You also need good quality socks if you’re out for more than a couple of hours. This is the place to splurge. Buy good quality, merino wool socks (we like Icebreaker) that cover your ankle. They’ll fit firmly, give added cushioning and help prevent blisters. Plus, they feel fabulous! 

Hiking Boots
Opt for comfort first, looking cute second!

For comfort and function in the clothes department, you can wear leggings or exercise shorts, and a t-shirt. If you sweat a lot, go for a “wicking” fabric that draws sweat away from your skin. If your thighs kiss each other, this can cause chafing over a long distance, so choose loose-fitting shorts or pants and don’t forget the anti-chafe balm. You might also need warm layers like a fleece or jacket, and don’t forget a hat and/or a raincoat depending on the weather. 

Down the track, you might want to invest in a good-quality, breathable raincoat and professionally fitted backpack, but that can wait until you really get the bug or sign up for a bucket-list hiking adventure. Same goes for trekking poles, gaiters, a windproof jacket, buff, down jacket, fleece pants and any other specialised equipment.  

If you decide on a night hiking adventure, you can use your smart phone or a hand torch to light the way, but a head torch is much safer and hands free. 

For a comprehensive guide to hiking gear, check out our blog. 

Check The Weather

Willy Weather has a great app that tells you lots of things about the weather, including temperature, wind direction and strength, tides, swell, rainfall, sun and moon rise and set. It also links you straight to the Bureau of Meteorology so you can see the satellite image of what’s ahead. This information can help you plan your clothing and gear, as well as keeping you safe.  

Don’t hike in electrical storms or severe wind and seek shelter if you get caught out. Hiking in the rain is great fun if you have the right gear but if not, it can be anything from uncomfortable to downright dangerous.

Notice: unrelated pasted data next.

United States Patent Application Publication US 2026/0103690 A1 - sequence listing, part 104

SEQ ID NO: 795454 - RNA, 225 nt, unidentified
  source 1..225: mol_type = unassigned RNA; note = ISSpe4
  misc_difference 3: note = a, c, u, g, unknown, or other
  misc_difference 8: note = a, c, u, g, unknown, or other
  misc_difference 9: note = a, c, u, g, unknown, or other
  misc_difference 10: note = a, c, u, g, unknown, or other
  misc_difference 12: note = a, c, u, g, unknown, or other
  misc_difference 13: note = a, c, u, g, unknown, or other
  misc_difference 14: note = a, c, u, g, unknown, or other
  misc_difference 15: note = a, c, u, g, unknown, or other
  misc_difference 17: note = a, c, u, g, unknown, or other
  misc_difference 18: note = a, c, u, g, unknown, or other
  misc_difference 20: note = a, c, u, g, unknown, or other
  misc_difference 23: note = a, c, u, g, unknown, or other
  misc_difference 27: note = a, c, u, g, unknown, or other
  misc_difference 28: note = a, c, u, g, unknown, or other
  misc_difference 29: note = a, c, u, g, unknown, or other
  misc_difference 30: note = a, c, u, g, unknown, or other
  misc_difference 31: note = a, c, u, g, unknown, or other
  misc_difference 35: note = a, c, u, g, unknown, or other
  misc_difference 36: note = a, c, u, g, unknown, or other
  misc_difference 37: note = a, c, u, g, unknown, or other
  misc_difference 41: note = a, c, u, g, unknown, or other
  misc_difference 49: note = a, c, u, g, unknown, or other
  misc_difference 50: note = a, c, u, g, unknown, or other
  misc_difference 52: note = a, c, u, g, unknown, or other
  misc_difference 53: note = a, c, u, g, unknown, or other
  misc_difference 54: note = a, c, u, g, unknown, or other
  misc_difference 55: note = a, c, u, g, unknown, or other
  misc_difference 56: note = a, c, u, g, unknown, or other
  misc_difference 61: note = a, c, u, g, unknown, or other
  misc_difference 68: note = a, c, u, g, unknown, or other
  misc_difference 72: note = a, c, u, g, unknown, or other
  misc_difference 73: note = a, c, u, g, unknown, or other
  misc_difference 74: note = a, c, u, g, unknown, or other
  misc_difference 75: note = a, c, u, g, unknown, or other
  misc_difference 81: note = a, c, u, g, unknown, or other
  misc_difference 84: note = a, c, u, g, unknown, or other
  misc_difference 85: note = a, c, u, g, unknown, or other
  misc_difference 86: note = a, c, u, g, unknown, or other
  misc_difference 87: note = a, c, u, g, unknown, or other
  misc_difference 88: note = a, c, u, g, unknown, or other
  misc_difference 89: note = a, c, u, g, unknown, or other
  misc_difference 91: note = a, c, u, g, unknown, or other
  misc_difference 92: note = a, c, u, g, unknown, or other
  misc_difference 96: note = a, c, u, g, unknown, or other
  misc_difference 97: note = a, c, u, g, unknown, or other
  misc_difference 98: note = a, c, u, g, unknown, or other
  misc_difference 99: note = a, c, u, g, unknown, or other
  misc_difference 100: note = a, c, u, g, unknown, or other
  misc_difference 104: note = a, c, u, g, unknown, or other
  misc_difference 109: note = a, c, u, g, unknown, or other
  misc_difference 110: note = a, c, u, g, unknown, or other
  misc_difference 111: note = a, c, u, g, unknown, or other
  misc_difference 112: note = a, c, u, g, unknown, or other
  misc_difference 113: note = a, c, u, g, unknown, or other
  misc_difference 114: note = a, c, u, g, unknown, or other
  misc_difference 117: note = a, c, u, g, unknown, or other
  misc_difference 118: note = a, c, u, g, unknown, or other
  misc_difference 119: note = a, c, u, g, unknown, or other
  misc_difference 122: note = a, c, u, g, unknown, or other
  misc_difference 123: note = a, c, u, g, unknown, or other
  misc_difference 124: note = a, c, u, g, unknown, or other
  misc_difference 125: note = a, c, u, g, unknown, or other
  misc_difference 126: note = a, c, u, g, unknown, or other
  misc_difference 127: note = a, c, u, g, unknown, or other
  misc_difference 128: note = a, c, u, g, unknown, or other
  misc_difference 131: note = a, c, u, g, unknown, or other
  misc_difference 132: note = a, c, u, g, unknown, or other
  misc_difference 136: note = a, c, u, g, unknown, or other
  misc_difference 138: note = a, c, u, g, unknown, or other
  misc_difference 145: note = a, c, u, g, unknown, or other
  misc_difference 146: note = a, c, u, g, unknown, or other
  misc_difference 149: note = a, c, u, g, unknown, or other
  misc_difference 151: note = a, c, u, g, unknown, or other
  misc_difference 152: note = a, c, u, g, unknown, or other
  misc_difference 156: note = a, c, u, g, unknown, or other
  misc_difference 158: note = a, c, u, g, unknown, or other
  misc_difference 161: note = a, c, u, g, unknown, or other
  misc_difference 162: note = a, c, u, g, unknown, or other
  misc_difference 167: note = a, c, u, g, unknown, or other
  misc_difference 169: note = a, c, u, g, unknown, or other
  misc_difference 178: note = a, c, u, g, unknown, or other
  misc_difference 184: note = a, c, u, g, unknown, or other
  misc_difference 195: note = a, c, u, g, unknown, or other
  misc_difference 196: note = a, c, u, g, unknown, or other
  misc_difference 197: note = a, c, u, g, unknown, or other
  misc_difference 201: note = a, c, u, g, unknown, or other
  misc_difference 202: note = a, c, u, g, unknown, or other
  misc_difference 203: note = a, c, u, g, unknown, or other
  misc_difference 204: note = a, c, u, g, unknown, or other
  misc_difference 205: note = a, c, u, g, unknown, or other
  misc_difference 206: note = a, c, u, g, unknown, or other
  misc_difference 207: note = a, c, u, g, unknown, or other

Extreme heat can become a first-aid emergency quite suddenly, so you’ll need to take extra precautions if the forecast is over 30 degrees. Choose a shady trail, ensure you have plenty of water, snack regularly and avoid the middle of the day. 

Take Only Photographs, Leave Only Footprints

Don’t take stuff off the trail unless it’s rubbish. And don’t leave stuff on the trail… goes without saying! 

Tell Someone Where You Are Going

If you are heading out anywhere in the bush, even if it’s not super remote, it’s easy to get lost, especially if you’re talkative. Always stay on marked trails and tell someone where you will be going. Please don’t rely on your phone to keep you safe… sometimes batteries run flat or reception is sparse! 

It might seem like a lot of information, but don’t let it overwhelm you! At the end of the day, a hike is really a walk in the woods, with a few extra bits of gear. 

It’s magic to walk in untouched places, connecting with the natural world and your own body and mind. So lace up those boots and get hiking! 


Also…What NOT To Do On Your First Overnight Hike!